Monticello May 29. 23.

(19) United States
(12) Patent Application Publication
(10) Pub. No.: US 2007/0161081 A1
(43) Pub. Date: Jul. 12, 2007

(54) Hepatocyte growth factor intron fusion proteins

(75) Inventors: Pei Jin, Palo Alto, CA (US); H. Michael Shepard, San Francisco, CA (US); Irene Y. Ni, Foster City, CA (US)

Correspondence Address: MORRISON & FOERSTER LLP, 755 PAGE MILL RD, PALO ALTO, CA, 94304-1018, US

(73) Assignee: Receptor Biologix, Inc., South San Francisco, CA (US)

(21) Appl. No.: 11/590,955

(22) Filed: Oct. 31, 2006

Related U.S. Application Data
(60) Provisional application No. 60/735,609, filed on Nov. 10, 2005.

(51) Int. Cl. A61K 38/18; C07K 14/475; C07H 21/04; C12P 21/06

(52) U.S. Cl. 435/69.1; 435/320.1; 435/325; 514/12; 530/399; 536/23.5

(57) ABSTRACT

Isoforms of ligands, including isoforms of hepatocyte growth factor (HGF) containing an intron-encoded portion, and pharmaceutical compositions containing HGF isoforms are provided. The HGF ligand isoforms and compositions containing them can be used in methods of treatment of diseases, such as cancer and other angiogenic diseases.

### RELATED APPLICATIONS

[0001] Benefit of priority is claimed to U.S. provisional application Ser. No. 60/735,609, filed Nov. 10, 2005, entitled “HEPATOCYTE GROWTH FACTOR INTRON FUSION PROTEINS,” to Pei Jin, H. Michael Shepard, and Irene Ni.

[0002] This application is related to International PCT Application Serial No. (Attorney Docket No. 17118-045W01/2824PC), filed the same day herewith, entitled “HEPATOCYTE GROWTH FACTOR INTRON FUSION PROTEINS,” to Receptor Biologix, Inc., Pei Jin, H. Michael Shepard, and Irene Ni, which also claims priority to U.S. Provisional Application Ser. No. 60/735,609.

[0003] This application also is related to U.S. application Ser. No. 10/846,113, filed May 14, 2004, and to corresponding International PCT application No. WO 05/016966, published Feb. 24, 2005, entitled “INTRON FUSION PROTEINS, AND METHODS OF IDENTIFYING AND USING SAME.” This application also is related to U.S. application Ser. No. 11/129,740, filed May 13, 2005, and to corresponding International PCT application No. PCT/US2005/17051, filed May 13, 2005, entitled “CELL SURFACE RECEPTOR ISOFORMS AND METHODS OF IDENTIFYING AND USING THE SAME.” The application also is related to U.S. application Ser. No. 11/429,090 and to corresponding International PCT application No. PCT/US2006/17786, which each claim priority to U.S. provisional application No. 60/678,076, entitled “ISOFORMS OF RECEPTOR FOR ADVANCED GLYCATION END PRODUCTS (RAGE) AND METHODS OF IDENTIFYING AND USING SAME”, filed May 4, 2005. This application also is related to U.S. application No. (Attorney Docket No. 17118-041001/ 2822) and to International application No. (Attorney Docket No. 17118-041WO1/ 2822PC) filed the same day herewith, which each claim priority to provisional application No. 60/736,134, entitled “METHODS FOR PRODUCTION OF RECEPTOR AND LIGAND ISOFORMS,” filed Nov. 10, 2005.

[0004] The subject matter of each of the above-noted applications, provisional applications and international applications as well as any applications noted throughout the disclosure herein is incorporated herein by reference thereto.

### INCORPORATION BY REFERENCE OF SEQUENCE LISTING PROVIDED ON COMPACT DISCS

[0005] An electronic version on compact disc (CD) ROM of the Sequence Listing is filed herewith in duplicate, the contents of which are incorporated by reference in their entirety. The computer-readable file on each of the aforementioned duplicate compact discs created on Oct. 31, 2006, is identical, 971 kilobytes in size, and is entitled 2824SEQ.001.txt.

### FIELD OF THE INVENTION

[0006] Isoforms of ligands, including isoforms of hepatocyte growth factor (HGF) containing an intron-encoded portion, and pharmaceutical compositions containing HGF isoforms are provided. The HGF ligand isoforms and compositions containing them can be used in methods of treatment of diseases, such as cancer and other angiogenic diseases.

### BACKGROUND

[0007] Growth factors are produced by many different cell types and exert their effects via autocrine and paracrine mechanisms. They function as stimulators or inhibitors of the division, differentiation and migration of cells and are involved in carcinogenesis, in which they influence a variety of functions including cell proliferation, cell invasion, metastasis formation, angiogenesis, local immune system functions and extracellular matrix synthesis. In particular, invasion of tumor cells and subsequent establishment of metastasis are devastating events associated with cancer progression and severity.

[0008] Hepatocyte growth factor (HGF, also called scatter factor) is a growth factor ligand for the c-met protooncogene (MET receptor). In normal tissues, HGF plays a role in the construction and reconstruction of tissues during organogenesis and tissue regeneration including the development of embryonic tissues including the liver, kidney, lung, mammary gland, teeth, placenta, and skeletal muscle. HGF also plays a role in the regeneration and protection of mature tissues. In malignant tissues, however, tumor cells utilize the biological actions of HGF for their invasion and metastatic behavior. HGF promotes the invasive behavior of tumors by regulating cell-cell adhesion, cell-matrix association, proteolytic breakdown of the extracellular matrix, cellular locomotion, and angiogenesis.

After an absence of considerable time, I find on my return your favor of the 1st instant stating some mathematical propositions for my consideration. a devotion of my attentions for more than half a century to subjects of a very different character has so far lessened my familiarity with these, that I cannot presume to offer my self as a judge of their merit. nor, at the age of 80, do I permit my self to undertake speculations requiring so severe an application of the mind. still I think, with you that the exact sciences are the best exercises possible for youthful minds, the most effectual for strengthening their reasoning powers, and forgiving them habits of accuracy in the processes of deduction. nor should I fear that any improvement would render them too easy; because they will still find enough beyond these for all their powers of investigation.—I return you the paper, according to request, not on the ground suggested in your letter, but that you may be enabled to make a more useful disposition of , and I salute you with great respect.